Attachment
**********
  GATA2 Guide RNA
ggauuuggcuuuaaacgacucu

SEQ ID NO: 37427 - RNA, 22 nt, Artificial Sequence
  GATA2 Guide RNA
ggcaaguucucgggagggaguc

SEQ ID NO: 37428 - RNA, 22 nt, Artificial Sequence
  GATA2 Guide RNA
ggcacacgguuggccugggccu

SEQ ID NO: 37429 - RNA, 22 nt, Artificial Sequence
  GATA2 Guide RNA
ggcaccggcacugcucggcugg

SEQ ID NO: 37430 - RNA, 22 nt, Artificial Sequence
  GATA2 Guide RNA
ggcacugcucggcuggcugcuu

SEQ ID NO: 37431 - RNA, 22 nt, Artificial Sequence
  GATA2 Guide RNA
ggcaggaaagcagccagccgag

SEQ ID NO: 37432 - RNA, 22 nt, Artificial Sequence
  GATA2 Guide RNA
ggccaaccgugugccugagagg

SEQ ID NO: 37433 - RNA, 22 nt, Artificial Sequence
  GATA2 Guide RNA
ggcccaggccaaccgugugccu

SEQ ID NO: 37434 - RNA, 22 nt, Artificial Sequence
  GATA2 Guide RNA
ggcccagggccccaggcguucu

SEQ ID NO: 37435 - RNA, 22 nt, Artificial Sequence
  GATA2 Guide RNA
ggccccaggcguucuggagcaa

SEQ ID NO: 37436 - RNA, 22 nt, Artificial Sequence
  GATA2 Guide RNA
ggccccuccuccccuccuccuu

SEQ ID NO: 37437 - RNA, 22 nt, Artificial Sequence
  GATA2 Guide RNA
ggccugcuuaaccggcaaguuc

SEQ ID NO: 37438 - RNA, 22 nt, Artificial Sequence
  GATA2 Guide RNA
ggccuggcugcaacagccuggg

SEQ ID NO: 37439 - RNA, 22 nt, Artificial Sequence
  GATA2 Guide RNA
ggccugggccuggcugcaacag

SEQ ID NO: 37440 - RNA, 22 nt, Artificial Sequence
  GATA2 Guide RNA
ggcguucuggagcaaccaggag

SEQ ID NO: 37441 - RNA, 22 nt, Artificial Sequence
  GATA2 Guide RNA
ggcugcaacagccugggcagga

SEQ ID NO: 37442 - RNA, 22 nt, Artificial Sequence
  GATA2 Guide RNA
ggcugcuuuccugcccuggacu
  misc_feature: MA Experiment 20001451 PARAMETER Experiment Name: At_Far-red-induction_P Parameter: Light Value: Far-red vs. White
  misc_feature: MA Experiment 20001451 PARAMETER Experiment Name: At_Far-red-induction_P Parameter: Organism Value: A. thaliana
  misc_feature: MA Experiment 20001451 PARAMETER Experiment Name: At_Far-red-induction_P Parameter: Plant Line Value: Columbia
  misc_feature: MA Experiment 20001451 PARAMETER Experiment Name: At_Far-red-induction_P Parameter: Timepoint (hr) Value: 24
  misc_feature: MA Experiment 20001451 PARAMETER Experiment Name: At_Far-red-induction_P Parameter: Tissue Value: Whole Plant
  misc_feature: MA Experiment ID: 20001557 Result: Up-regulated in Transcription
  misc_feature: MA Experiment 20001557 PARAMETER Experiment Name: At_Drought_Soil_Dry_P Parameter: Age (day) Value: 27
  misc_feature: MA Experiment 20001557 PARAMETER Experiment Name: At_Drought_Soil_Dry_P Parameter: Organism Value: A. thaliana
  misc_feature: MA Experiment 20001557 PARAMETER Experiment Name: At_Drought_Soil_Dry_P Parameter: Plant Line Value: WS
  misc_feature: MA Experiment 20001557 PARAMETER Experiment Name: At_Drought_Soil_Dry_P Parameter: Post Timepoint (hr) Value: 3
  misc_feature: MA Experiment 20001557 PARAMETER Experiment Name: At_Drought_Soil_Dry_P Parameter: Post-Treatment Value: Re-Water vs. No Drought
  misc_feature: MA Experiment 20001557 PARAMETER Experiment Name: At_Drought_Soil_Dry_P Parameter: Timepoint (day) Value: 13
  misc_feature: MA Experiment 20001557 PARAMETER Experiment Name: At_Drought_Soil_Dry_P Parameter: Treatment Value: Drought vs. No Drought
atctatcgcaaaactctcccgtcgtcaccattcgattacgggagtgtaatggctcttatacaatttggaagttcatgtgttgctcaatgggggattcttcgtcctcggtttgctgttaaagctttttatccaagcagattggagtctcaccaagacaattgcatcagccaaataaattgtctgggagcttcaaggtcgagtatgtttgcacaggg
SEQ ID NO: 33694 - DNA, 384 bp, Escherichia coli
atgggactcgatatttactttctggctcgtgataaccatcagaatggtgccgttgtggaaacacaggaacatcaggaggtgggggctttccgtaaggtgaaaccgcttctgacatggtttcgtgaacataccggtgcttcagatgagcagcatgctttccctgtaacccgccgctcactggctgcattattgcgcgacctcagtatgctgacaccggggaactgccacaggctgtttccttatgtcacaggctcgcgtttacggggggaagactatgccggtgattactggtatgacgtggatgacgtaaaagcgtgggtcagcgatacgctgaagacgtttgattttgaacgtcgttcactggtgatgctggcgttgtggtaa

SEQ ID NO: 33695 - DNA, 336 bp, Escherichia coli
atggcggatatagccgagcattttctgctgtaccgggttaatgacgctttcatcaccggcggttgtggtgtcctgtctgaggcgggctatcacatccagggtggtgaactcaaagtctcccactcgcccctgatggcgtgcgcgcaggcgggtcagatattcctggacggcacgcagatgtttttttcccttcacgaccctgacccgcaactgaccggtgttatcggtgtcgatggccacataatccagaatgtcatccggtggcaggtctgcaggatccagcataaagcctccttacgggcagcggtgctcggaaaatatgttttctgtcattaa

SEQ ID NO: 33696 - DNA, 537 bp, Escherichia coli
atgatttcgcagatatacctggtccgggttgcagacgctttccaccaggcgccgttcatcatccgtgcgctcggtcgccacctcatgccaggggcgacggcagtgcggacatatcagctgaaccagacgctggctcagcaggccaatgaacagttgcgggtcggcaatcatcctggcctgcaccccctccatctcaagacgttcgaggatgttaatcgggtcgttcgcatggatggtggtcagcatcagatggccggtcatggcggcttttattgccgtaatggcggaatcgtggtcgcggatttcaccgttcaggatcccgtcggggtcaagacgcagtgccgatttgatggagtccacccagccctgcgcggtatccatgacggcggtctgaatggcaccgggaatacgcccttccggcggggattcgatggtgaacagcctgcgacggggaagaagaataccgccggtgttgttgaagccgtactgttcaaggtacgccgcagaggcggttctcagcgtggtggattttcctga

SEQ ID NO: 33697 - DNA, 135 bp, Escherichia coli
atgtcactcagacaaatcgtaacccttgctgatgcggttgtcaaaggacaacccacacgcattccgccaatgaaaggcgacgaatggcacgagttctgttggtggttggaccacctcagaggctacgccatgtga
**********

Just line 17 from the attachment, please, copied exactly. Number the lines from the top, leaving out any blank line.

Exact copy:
ggcaggaaagcagccagccgag